Amy Davidson, The New Yorker online, yesterday (excerpt is last 2 paragraphs)
We have heard a good deal from the N.R.A. in the last couple of months about how a gun defends a home. Wayne LaPierre, the group’s executive vice-president and increasingly unhinged public face, has been out talking about how everyone needs a gun to be prepared for a coming time of financial crisis and natural disaster. South Africa and the United States are distinct countries with different gun cultures, but people are not so different. The array of objects within arm’s reach can turn a moment of rage to something worse in any country. A gun in the house makes it more likely that domestic violence will lead to murder. (The Times has a story this morning about how living with guns has also been connected to dying by suicide.) Oscar Pistorius’s gun did not keep Reeva Steenkamp safe. Living in a house with many guns did not keep Kasandra Perkins safe when Jovan Belcher, the father of her child, shot her and then himself.
There is much to admire in the confidence that made Pistorius believe that he could challenge world running federations, and make them let him run. There was a clarity there, and inspiration, and the right kind of pride. (This morning, someone reportedly took a Nike ad with the line “I am the bullet in the chamber” off of his Web site.) There will be plenty of talk, too, about what brings athletes to both the highest levels of sports and to a place of domestic tragedy—publicity, pressure, even the unsettling question of performance-enhancing drugs and their psychological effects. That discussion is worth having. But what matters even more is what can happen in any home, in any room, with a man and a woman and a gun.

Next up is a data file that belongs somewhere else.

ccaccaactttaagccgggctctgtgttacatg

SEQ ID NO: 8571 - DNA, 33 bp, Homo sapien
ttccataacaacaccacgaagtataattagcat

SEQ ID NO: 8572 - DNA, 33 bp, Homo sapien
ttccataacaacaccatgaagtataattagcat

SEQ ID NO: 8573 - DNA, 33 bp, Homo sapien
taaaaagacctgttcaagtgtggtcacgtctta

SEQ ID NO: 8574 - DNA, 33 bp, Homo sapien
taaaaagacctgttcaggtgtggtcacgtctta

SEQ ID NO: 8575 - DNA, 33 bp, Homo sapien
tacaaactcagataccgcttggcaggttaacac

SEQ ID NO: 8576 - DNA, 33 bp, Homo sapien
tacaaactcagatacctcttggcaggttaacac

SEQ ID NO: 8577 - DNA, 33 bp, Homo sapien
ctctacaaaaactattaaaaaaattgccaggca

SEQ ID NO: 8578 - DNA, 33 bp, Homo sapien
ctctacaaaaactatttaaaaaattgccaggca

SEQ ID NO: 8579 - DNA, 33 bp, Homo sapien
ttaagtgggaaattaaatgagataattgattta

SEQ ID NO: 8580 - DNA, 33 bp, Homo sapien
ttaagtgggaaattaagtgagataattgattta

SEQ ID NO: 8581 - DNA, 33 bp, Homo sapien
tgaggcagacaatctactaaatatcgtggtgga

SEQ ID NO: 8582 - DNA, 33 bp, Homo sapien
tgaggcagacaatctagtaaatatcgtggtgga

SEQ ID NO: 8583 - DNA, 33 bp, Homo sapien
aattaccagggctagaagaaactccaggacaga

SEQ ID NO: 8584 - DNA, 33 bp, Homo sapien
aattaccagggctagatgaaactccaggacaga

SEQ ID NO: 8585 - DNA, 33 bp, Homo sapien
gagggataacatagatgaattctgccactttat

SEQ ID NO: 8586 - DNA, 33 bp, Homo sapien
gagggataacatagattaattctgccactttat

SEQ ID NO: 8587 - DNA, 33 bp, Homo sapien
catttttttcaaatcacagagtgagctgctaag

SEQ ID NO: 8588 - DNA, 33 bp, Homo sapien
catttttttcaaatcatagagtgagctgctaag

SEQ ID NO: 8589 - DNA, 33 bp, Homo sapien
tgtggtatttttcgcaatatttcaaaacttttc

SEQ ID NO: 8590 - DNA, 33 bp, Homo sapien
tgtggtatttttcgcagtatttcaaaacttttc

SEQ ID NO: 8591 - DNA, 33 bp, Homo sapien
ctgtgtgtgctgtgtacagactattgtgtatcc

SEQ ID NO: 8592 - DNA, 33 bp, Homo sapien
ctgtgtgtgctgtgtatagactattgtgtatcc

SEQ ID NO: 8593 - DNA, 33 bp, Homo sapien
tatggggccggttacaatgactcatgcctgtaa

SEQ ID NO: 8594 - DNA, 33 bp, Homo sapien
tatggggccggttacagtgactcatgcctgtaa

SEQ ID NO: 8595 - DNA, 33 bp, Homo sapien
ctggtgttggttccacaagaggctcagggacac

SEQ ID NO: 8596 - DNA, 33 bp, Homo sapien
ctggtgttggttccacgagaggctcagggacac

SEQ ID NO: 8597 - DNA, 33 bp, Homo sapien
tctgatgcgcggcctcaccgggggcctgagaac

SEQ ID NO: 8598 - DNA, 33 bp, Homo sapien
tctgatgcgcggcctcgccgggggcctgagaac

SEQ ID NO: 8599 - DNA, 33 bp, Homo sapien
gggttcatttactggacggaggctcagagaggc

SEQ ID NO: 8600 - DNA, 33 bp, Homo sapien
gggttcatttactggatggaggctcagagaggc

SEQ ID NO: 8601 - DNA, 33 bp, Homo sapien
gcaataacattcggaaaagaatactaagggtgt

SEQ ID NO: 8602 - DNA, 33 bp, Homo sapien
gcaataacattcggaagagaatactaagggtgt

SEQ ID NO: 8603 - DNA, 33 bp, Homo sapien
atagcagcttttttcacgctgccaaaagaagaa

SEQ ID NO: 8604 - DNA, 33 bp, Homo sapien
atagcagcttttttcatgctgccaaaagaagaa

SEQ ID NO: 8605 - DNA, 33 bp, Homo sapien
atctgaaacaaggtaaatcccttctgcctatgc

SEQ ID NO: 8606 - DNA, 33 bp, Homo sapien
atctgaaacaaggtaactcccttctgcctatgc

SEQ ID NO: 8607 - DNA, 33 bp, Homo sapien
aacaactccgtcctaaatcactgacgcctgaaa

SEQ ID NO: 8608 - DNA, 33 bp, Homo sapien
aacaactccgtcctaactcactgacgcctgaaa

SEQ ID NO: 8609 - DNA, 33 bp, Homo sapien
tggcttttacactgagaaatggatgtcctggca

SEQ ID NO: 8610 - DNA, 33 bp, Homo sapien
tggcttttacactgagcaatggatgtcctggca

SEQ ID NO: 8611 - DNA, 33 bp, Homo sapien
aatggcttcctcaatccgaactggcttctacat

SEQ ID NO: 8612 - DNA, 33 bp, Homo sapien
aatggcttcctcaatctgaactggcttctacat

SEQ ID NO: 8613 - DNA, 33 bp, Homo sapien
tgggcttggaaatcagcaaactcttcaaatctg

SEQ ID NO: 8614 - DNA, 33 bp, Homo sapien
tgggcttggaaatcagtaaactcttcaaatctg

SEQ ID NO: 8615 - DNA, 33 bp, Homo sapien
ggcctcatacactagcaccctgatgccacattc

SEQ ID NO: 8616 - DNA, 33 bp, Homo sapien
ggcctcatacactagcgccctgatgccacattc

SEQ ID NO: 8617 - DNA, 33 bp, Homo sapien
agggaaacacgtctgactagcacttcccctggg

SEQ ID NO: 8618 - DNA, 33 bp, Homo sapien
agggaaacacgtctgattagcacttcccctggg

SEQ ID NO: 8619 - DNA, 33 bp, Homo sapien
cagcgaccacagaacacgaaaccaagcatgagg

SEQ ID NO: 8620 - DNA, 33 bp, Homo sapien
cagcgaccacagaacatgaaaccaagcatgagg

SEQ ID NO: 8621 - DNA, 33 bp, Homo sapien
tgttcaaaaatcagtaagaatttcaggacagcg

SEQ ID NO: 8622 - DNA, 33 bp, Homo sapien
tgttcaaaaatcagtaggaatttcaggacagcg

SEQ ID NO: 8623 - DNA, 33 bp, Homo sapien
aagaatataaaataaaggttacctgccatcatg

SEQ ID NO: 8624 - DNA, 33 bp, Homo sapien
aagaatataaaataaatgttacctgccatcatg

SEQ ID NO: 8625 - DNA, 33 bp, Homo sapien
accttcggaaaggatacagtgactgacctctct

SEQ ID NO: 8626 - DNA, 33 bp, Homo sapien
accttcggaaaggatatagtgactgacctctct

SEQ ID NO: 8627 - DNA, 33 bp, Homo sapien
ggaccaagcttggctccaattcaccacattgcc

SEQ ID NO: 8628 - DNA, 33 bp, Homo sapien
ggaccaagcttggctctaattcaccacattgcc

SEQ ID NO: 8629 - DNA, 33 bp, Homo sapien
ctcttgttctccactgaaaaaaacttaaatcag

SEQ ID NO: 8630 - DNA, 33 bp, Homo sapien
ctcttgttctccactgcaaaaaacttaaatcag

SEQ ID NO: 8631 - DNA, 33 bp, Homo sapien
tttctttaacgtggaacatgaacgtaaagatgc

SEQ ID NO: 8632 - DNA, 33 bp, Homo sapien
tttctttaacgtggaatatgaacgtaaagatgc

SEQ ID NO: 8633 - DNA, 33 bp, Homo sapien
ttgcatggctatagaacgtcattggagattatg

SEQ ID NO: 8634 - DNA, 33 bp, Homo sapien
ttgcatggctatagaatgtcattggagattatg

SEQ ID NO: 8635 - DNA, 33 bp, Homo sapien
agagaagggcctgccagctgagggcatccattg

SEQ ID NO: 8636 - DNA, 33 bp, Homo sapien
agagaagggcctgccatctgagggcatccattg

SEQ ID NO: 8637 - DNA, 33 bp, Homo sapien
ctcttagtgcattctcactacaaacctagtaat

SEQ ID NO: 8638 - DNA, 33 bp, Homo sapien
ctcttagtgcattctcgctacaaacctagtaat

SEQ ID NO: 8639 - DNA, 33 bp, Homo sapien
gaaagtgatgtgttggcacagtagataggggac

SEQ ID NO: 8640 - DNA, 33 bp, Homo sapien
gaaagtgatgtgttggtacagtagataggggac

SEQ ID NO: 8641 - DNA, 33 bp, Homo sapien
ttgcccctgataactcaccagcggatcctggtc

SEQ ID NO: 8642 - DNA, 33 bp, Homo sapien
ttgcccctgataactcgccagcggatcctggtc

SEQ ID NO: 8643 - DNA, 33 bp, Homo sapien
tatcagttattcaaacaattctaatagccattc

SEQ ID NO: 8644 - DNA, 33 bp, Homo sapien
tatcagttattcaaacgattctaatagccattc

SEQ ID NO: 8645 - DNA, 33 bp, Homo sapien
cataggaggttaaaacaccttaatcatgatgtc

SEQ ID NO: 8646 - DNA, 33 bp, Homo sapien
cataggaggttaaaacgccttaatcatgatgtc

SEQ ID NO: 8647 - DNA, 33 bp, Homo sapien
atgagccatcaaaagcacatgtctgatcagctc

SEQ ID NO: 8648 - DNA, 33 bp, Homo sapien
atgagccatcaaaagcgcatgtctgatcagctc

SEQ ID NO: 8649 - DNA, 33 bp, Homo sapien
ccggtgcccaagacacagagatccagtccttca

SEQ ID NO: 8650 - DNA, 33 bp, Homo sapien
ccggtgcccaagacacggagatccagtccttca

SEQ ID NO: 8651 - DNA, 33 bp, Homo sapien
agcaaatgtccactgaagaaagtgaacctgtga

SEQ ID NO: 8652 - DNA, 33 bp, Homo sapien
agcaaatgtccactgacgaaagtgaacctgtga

Secretary of Agriculture Tom Vilsack's inaction has led to the near-destruction of American family ranchers. Over 17,000 family ranches will disappear this year. Over 100,000 family ranchers have left the profession since 2009.
Is it time for everyone who is not a Republican to start screaming and running through the streets carrying torches so we can root out, and do serious harm to, any and all Republican politicians and GOP appointees? I say, Yes it is. In fact, it is way past time.
If “Fighting Bob” were alive today, he’d be howling in the Capitol. A hundred years before the Tea Parties, Senator Bob La Follette of Wisconsin was the original Republican insurgent. In the early 1900s, he led a grassroots revolt against the GOP establishment and pioneered the ferocious tactics that the Tea Parties use today—long-shot primary challenges, sensational filibusters, uncompromising ideology, and populist rhetoric. But there was a crucial difference between La Follette and today’s right-wing insurgents: “Fighting Bob” was a founding father of the progressive movement.
Read an excerpt from my new book, Unreasonable Men, at the Atlantic